Four big banks in Belgium have invested about €40 billion over the last two years in the extraction of fossil fuel, such as coal, natural gas, oil and turf, reported Le Soir, citing data from the latest study of Climate Coalition, a non-profit organisation.
BNP Paribas, the parent company of BNP Paribas Fortis operating in Belgium, has invested €30,37 billion, representing three quarters of the total, the Dutch banking group ING — €7 billion, the Belgian Bank KBC — €2,22 billion, the Belgian financial group Belfius(via its asset manager, Candriam) — €679 million.
As Coalition Climate pointed out, these investments took place with the 100 largest companies in the fossil energy sector, including companies with the largest reserves of coal and oil, and electricity companies with the capacity of the highest coal production. Nearly half of the investments of Belgian banks amounting to €19.4 billion weredestined for the latter type of fossil energy, which is also the most polluting.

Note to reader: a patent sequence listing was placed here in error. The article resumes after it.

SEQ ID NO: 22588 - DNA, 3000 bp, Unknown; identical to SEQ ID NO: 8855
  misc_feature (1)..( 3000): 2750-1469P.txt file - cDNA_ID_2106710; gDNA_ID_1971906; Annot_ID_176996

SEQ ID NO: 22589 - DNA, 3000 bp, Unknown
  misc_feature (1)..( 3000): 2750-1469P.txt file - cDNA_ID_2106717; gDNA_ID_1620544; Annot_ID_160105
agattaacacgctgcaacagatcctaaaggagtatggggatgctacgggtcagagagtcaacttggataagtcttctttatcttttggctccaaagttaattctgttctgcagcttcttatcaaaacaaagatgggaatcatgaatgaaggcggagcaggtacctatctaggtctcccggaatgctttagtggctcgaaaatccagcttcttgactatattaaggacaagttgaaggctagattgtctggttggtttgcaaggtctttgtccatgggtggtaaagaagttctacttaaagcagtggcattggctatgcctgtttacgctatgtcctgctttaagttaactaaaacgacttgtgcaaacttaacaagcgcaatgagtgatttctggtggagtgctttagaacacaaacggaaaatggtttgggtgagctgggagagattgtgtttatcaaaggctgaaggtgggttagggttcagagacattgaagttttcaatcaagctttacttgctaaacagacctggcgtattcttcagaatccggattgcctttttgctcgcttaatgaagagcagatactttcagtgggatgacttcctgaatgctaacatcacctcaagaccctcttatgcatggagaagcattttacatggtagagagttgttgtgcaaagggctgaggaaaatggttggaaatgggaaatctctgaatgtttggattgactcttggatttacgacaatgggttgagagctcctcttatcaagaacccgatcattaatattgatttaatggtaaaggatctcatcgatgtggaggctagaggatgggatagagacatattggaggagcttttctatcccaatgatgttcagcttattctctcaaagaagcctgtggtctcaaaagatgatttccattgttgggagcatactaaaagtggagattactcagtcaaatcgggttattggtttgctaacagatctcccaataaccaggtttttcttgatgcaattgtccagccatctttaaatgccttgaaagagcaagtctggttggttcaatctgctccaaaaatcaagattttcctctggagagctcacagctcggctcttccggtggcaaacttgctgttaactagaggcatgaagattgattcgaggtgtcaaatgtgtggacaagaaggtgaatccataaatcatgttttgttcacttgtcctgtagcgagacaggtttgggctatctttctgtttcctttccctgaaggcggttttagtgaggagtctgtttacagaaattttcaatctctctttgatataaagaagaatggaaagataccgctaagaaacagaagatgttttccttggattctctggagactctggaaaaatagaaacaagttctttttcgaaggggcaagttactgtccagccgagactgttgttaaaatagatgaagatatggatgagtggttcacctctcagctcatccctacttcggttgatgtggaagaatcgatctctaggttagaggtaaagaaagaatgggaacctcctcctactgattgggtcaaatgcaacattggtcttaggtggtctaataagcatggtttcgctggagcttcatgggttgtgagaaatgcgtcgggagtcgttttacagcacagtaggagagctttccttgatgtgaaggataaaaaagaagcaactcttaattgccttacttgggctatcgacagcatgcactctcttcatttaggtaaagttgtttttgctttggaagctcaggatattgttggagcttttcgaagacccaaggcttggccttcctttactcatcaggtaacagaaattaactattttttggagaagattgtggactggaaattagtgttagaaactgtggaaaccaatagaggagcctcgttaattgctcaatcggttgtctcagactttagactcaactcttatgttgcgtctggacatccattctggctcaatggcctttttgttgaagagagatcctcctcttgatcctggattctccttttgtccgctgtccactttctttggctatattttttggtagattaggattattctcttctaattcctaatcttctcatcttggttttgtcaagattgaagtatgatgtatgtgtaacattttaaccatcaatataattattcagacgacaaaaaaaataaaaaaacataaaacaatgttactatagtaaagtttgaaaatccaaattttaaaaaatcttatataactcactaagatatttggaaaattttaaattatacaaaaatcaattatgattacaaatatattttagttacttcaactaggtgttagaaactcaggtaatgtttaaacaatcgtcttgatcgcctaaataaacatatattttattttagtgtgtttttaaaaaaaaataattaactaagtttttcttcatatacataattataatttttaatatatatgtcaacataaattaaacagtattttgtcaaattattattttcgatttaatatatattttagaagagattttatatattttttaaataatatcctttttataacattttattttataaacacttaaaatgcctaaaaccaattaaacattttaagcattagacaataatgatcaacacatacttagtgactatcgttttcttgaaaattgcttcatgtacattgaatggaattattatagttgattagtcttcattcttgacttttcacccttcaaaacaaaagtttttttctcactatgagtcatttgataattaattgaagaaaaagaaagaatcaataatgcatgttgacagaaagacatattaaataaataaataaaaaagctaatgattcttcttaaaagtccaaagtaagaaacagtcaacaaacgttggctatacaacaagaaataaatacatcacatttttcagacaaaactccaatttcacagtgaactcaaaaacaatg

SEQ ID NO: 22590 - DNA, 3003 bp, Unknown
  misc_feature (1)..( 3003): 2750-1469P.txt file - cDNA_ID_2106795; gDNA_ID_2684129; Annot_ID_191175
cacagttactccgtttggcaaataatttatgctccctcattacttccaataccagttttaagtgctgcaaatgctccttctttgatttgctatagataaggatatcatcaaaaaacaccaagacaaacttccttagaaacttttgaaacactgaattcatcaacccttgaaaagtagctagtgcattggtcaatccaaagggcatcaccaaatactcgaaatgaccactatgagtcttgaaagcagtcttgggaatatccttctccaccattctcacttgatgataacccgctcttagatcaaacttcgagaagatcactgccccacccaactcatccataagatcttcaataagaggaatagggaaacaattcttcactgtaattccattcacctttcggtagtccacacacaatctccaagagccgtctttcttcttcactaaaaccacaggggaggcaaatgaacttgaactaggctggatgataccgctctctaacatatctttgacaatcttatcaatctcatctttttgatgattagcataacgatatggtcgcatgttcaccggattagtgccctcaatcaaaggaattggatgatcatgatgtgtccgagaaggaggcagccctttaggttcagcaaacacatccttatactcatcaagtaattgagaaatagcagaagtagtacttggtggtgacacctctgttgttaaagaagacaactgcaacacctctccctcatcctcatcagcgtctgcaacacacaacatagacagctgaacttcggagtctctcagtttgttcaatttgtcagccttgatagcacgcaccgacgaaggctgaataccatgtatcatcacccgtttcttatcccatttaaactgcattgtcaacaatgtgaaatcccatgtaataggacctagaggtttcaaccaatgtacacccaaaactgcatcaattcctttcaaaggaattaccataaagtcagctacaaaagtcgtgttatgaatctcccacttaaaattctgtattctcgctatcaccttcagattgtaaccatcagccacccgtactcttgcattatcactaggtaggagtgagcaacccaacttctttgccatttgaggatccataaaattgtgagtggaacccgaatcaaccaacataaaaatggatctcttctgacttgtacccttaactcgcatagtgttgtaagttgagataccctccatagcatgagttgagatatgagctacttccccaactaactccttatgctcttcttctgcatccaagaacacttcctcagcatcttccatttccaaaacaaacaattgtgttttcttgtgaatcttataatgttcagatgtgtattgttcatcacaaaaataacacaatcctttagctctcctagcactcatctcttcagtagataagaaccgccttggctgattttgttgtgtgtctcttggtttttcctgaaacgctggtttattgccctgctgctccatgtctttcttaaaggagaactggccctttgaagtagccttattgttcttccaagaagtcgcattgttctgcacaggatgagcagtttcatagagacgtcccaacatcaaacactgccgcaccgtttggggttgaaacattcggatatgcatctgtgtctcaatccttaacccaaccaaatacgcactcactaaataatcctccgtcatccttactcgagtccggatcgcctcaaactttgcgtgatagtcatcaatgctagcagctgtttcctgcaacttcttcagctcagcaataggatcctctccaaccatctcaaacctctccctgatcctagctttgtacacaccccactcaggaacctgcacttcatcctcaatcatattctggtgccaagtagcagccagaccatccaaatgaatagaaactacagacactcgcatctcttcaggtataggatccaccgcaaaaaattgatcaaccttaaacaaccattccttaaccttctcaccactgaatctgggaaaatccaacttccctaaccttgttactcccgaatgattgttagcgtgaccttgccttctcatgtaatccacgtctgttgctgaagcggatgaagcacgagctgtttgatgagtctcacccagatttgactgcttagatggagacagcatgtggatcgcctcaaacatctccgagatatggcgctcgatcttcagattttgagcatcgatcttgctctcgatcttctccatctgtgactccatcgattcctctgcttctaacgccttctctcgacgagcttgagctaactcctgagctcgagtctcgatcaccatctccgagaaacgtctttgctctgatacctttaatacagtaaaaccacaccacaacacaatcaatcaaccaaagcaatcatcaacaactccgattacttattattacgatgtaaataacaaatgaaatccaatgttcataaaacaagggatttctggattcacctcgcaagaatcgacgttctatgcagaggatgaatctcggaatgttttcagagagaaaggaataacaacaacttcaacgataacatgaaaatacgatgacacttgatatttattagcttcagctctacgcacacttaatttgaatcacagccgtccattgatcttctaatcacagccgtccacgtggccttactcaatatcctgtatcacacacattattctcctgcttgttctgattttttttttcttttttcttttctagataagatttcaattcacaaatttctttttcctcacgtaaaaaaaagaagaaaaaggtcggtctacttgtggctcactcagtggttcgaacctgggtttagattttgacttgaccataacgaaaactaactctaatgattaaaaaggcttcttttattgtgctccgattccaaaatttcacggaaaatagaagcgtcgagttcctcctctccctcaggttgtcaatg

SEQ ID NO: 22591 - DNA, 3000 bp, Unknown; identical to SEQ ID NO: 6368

However, Belgian banks are not the only ones investing in environmentally unfriendly energy sources. Australia’s big four banks invested three times as much in global fossil fuels as they did in clean energy in 2016, reports The Guardian. The banks provided a combined $10bn to projects around the world that expanded non-renewable energy, according to finance group Market Forces.
The International Energy Agency predicts that global demand for coal will continue to grow until 2019, albeit at a reduced rate (+2.1% per year, as opposed to 3.3% per year between 2010 and 2013).
What about the clean energy initiatives coming from Brussels?